Newspaper headlines: NHS parking 'fury', Apple battle, Rhodes row and families' £40bn 'deficit'
NHS hospital trusts "rake in" about £200m a year from car park charges, says the Daily Mirror, as several of Tuesday's papers report on the issue.
The "rip-off" is generating "outrageous" profits and some of the money goes to private firms, the Mirror adds.
"It is intolerable that people's trauma is made worse by the petty indignity of having to pay for parking," the paper's political editor Jason Beattie writes.
"Greedy" hospitals earn up to £3.7m a year each through parking charges, the Daily Express says.
The paper calls on NHS trusts to "take notice" of guidelines which are meant to protect disabled people and the families of terminally ill patients,
"Their current behaviour is completely at odds with the ethos of the NHS," it adds.
Meanwhile, the Sun reports a plea for families to do more to look after elderly relatives to prevent a winter hospital crisis.
People alone over Christmas, or those who return from family celebrations to a "cold, empty house", can "lose a bit of hope and stop looking after themselves", according to a senior doctor quoted in the paper.
In an editorial, the paper says Christmas advertising about loving get-togethers masks an uncomfortable truth: "Many of us are abandoning our older relatives."
It calls on people to help relatives and call in on lonely neighbours, thereby showing a "proper sense of the season".
A top Oxford academic is leading the "fightback" against a campaign to remove a statue of Cecil Rhodes from one of the university's colleges, the Times reports.
Prof Neil Biggar says claims about Rhodes - including that he considered black Africans racially inferior and employed slave labour in diamond mines - are "not true".
The Rhodes Must Fall campaign argues that the Oriel College statue does not reflect the university's "inclusive culture", the paper adds.
Writing in the Telegraph, Philip Ziegler says the evil Rhodes did "lived after him" - but he also did a "great deal of good", and removing the statue would be a "step backwards".
- Major Tim phones home from space... only to get voicemail - British astronaut Tim Peake had to leave a message on his parents' answer phone because they had "popped out" when he called from the International Space Station, the Telegraph reports.
- Don't swipe that iPad from your toddler, anxious parents are told - Researchers say using iPads could be as good for toddlers as traditional toys, the Times reports.
- Hope growing for new teeth - False teeth may soon be a thing of the past after scientists found a way to grow new ones, the Sun says.
- A mistake of universal proportions - The wrong contestant was crowned Miss Universe - leading to a de-crowning and an "embarrassed" Miss Philippines being given the prize, the Express reports.
Credit crunch warning
British families are on course to spend £40bn more than they earn this year, The Independent reports.
It says the forecast has fuelled fears that the UK's economic growth is based on "soaring levels of debt and could easily collapse" - possibly leading to a credit crunch similar to that of 2008.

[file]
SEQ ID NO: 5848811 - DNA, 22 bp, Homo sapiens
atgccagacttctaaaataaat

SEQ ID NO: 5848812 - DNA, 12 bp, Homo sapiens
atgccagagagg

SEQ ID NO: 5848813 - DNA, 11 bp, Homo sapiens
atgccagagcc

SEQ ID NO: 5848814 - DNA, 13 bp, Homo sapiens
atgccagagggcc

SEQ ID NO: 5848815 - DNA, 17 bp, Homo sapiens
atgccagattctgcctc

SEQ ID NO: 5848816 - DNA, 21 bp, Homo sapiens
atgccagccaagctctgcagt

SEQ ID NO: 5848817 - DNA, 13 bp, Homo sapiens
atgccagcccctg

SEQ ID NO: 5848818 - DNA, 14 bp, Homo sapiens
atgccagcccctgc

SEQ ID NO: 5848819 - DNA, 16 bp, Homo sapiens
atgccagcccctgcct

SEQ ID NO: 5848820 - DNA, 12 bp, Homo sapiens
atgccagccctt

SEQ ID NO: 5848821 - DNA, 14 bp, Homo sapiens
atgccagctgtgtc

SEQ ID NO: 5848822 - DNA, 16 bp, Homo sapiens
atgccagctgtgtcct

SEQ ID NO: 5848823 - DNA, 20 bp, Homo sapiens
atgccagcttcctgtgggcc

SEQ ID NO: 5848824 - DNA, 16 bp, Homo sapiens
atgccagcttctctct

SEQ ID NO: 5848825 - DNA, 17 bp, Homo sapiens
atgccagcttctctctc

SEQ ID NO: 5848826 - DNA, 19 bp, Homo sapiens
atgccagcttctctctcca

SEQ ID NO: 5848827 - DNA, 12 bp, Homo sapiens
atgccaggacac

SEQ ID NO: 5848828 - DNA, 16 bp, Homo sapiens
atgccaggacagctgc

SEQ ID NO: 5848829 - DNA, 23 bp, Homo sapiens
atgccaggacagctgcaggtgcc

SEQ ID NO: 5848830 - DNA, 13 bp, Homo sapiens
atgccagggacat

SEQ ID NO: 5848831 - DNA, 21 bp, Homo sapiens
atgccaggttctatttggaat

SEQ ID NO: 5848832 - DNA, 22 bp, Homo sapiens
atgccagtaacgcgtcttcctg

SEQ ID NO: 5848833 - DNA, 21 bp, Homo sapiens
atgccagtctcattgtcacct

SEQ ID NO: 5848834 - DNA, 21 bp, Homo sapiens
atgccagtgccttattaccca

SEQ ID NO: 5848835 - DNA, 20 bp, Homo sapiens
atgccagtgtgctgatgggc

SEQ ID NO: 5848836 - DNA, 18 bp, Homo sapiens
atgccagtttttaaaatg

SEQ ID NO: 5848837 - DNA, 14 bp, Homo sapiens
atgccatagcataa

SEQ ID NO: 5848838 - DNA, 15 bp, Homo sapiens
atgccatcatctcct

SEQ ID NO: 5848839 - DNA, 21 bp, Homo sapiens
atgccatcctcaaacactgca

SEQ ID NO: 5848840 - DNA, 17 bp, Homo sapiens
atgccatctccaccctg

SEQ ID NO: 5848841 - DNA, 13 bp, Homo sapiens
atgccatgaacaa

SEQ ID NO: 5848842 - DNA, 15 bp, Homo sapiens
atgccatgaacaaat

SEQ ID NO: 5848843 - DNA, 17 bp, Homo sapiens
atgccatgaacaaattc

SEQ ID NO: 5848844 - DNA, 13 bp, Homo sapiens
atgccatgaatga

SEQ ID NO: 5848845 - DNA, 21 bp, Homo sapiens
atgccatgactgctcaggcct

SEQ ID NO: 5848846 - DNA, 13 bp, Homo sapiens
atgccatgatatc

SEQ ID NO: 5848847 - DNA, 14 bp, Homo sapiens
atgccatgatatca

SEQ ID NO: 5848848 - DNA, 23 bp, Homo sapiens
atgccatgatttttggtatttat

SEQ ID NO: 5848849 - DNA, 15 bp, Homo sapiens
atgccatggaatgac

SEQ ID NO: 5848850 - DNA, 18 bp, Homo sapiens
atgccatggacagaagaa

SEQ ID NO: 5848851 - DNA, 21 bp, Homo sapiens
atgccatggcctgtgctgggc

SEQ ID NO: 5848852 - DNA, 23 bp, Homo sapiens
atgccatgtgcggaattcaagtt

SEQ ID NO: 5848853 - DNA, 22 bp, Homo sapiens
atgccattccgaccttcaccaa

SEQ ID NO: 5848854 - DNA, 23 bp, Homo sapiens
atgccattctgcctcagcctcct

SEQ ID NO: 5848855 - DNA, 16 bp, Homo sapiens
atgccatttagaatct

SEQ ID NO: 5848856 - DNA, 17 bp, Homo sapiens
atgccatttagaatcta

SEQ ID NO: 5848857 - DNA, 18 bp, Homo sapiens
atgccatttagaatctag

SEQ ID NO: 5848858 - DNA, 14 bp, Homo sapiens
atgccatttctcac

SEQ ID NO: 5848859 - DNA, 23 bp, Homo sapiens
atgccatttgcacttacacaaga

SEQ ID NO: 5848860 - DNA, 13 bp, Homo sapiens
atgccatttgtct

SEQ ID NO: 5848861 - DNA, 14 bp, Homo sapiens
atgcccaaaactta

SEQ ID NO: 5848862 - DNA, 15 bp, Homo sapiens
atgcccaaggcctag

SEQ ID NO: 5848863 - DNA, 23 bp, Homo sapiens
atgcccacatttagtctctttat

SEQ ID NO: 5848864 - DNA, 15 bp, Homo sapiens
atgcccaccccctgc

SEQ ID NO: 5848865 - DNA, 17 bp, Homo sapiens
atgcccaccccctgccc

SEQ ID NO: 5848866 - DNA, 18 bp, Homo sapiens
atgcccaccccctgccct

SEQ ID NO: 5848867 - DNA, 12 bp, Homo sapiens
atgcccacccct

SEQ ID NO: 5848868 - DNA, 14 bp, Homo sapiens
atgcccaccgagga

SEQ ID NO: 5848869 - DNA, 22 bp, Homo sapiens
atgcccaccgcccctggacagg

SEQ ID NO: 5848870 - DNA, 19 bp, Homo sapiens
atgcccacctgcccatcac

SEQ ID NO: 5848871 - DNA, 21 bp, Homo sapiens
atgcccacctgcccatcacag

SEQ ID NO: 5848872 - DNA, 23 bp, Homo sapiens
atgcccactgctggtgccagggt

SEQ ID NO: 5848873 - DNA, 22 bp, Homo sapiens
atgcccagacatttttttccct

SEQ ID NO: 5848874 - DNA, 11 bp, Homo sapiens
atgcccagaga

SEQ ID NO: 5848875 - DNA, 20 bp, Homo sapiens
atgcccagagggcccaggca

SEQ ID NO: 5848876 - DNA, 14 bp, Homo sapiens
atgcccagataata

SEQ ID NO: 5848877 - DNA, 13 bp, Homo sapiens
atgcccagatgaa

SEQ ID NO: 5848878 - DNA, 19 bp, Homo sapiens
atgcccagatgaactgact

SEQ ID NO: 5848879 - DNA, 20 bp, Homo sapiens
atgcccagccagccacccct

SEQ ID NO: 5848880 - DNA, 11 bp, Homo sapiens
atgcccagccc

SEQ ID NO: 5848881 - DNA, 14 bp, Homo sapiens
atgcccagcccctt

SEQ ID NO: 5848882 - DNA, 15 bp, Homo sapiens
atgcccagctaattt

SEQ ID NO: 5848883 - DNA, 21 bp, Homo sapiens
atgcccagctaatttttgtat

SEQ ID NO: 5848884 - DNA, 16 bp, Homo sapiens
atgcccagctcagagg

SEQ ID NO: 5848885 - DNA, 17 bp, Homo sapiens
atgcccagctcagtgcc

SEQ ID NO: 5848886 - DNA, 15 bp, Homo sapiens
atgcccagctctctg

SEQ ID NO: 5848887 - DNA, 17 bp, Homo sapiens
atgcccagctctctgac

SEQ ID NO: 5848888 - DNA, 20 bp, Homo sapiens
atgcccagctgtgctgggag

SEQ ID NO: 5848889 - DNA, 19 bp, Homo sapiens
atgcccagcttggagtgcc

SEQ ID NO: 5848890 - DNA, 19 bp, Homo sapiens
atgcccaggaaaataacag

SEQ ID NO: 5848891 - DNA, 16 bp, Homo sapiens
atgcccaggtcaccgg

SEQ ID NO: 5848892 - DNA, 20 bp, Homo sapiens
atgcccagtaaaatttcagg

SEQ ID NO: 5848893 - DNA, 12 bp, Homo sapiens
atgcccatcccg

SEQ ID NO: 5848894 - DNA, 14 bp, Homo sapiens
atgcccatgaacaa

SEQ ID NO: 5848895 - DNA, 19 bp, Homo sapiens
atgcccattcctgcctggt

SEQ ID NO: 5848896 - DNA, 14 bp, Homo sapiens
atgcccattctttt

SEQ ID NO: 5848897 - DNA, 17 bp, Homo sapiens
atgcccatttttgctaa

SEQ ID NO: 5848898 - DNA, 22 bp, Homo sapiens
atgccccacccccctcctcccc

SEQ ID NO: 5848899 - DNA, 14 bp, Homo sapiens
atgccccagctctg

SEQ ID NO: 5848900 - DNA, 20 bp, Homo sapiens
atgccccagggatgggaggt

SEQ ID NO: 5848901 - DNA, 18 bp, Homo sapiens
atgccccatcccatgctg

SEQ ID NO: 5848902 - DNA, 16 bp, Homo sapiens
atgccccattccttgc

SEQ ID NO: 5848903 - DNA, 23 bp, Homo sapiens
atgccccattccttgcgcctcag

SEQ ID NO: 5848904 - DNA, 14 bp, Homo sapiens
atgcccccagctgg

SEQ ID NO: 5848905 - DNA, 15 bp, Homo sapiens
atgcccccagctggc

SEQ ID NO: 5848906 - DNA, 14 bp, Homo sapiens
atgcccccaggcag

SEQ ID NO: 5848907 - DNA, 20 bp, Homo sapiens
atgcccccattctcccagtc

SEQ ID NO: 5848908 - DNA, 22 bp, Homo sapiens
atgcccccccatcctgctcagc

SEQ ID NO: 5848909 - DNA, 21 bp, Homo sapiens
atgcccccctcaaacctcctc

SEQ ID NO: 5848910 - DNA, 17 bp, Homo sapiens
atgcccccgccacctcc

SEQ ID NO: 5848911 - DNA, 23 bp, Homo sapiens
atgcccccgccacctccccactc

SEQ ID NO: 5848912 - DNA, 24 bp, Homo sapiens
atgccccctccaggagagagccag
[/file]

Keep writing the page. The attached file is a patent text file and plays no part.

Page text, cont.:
Britons are "peculiarly prone to living beyond their means" but the 2008 crisis made them "curb their usual retail addictions", Sean O'Grady writes in the paper.
But he warns: "Yet again household debt is conveniently forgotten as presents are wrapped. It may be an unseasonable warning, but the ghost of our indebtedness is likely to haunt our futures again."
Google, Facebook and Twitter are supporting Apple in a "Silicon Valley fightback" against proposed UK surveillance legislation, the Financial Times reports.
It says the "rare show of unity" comes as Apple argues the draft Investigatory Powers Bill risks paralysing vast reaches of the technology sector worldwide, setting a "dangerous precedent" as other countries look to upgrade spying regimes.
Apple says the law could even spark "serious international conflicts", as the UK wants the right to request data not held in the country, potentially forcing tech companies to choose between breaking UK law and breaking data protection laws elsewhere, the paper adds.
"Gotcha!" says the Independent, as it reports the Sun has been forced to publish a front page apology for a story about Labour leader Jeremy Corbyn.
The Sun is "desperate" for the new press regulator - the Independent Press Standards Organisation (Ipso) - to be seen as a "watchdog with teeth", the Independent's media editor Ian Burrell says.
But he says the Sun has become a "repeated target" for Ipso, and the latest ruling will be "galling" for the paper.
The apology itself - eight words on the Sun's front page and a column on page two - says Ipso upheld a complaint about a story which said Mr Corbyn accepted membership of the Privy Council "so he can get his hands on £6.2m".
The Sun says it "failed to correct the significantly misleading coverage promptly and Ipso required the Sun to publish this adjudication".
Making people click
Telegraph: Sultan of Brunei bans Christmas "because it could damage faith of Muslims"
Mirror: Miss Germany slams Miss Philippines and says "none of us voted for her" after wrong name fiasco
Mail: Has Strictly winner fallen for his dance partner?
Times: Defiant and deluded - this despot is history